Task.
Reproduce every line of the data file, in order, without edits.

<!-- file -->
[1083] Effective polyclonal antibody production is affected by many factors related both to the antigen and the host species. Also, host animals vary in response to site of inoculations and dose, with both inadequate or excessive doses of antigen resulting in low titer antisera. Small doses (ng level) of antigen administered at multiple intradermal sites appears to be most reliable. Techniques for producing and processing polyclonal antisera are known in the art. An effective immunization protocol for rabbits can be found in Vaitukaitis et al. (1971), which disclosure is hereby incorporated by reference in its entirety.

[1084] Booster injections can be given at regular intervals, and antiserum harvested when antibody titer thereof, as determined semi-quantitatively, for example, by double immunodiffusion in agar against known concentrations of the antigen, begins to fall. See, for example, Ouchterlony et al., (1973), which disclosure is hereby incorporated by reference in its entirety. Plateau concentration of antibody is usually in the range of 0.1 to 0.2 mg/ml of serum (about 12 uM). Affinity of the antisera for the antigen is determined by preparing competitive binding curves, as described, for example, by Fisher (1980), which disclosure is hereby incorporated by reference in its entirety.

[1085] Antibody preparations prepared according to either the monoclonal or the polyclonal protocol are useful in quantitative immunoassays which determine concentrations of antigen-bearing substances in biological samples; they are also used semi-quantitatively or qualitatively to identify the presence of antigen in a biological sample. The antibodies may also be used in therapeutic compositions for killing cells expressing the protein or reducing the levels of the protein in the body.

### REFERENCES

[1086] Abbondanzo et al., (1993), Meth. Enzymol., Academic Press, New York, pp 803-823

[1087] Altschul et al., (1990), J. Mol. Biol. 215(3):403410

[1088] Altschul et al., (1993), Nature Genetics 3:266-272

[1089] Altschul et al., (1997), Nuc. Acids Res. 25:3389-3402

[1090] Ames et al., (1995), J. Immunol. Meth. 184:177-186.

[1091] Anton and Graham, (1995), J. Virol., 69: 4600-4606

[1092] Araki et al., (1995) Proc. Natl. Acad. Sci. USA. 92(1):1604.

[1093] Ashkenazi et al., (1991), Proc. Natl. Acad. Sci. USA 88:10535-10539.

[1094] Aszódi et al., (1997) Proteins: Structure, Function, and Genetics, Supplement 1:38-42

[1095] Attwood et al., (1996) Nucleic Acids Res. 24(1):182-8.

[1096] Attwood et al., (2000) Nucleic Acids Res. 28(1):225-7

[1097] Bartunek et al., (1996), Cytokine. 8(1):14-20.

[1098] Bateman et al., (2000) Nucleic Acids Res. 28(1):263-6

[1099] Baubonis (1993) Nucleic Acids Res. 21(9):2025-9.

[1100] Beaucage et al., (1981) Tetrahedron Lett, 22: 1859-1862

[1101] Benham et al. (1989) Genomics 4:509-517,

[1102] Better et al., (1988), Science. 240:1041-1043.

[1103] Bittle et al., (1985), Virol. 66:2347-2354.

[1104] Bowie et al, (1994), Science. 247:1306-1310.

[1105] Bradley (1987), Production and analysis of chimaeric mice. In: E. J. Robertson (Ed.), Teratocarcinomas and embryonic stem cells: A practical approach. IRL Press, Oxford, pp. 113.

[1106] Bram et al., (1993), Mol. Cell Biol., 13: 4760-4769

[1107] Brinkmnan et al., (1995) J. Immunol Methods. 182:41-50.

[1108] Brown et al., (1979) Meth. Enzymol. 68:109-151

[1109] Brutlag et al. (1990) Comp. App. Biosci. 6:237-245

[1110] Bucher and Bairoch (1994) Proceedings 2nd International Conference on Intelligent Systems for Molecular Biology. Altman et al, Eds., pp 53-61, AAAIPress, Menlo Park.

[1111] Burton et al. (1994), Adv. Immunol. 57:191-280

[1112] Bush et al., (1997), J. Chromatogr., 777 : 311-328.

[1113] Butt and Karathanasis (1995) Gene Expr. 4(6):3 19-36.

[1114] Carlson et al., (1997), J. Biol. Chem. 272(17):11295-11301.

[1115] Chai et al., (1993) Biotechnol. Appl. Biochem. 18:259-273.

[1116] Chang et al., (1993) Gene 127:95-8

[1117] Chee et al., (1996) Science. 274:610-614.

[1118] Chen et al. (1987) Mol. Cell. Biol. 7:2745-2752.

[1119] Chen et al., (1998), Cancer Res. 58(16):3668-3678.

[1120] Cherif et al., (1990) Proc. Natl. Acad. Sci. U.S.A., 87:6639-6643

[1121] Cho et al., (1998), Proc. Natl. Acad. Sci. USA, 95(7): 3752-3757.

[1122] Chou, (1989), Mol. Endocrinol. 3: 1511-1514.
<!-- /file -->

[1083] Effective polyclonal antibody production is affected by many factors related both to the antigen and the host species. Also, host animals vary in response to site of inoculations and dose, with both inadequate or excessive doses of antigen resulting in low titer antisera. Small doses (ng level) of antigen administered at multiple intradermal sites appears to be most reliable. Techniques for producing and processing polyclonal antisera are known in the art. An effective immunization protocol for rabbits can be found in Vaitukaitis et al. (1971), which disclosure is hereby incorporated by reference in its entirety.

[1084] Booster injections can be given at regular intervals, and antiserum harvested when antibody titer thereof, as determined semi-quantitatively, for example, by double immunodiffusion in agar against known concentrations of the antigen, begins to fall. See, for example, Ouchterlony et al., (1973), which disclosure is hereby incorporated by reference in its entirety. Plateau concentration of antibody is usually in the range of 0.1 to 0.2 mg/ml of serum (about 12 uM). Affinity of the antisera for the antigen is determined by preparing competitive binding curves, as described, for example, by Fisher (1980), which disclosure is hereby incorporated by reference in its entirety.

[1085] Antibody preparations prepared according to either the monoclonal or the polyclonal protocol are useful in quantitative immunoassays which determine concentrations of antigen-bearing substances in biological samples; they are also used semi-quantitatively or qualitatively to identify the presence of antigen in a biological sample. The antibodies may also be used in therapeutic compositions for killing cells expressing the protein or reducing the levels of the protein in the body.

### REFERENCES

[1086] Abbondanzo et al., (1993), Meth. Enzymol., Academic Press, New York, pp 803-823

[1087] Altschul et al., (1990), J. Mol. Biol. 215(3):403410

[1088] Altschul et al., (1993), Nature Genetics 3:266-272

[1089] Altschul et al., (1997), Nuc. Acids Res. 25:3389-3402

[1090] Ames et al., (1995), J. Immunol. Meth. 184:177-186.

[1091] Anton and Graham, (1995), J. Virol., 69: 4600-4606

[1092] Araki et al., (1995) Proc. Natl. Acad. Sci. USA. 92(1):1604.

[1093] Ashkenazi et al., (1991), Proc. Natl. Acad. Sci. USA 88:10535-10539.

[1094] Aszódi et al., (1997) Proteins: Structure, Function, and Genetics, Supplement 1:38-42

[1095] Attwood et al., (1996) Nucleic Acids Res. 24(1):182-8.

[1096] Attwood et al., (2000) Nucleic Acids Res. 28(1):225-7

[1097] Bartunek et al., (1996), Cytokine. 8(1):14-20.

[1098] Bateman et al., (2000) Nucleic Acids Res. 28(1):263-6

[1099] Baubonis (1993) Nucleic Acids Res. 21(9):2025-9.

[1100] Beaucage et al., (1981) Tetrahedron Lett, 22: 1859-1862

[1101] Benham et al. (1989) Genomics 4:509-517,

[1102] Better et al., (1988), Science. 240:1041-1043.

[1103] Bittle et al., (1985), Virol. 66:2347-2354.

[1104] Bowie et al, (1994), Science. 247:1306-1310.

[1105] Bradley (1987), Production and analysis of chimaeric mice. In: E. J. Robertson (Ed.), Teratocarcinomas and embryonic stem cells: A practical approach. IRL Press, Oxford, pp. 113.

[1106] Bram et al., (1993), Mol. Cell Biol., 13: 4760-4769

[1107] Brinkmnan et al., (1995) J. Immunol Methods. 182:41-50.

[1108] Brown et al., (1979) Meth. Enzymol. 68:109-151

[1109] Brutlag et al. (1990) Comp. App. Biosci. 6:237-245

[1110] Bucher and Bairoch (1994) Proceedings 2nd International Conference on Intelligent Systems for Molecular Biology. Altman et al, Eds., pp 53-61, AAAIPress, Menlo Park.

[1111] Burton et al. (1994), Adv. Immunol. 57:191-280

[1112] Bush et al., (1997), J. Chromatogr., 777 : 311-328.

[1113] Butt and Karathanasis (1995) Gene Expr. 4(6):3 19-36.

[1114] Carlson et al., (1997), J. Biol. Chem. 272(17):11295-11301.

[1115] Chai et al., (1993) Biotechnol. Appl. Biochem. 18:259-273.

[1116] Chang et al., (1993) Gene 127:95-8

[1117] Chee et al., (1996) Science. 274:610-614.

[1118] Chen et al. (1987) Mol. Cell. Biol. 7:2745-2752.

[1119] Chen et al., (1998), Cancer Res. 58(16):3668-3678.

[1120] Cherif et al., (1990) Proc. Natl. Acad. Sci. U.S.A., 87:6639-6643

[1121] Cho et al., (1998), Proc. Natl. Acad. Sci. USA, 95(7): 3752-3757.

[1122] Chou, (1989), Mol. Endocrinol. 3: 1511-1514.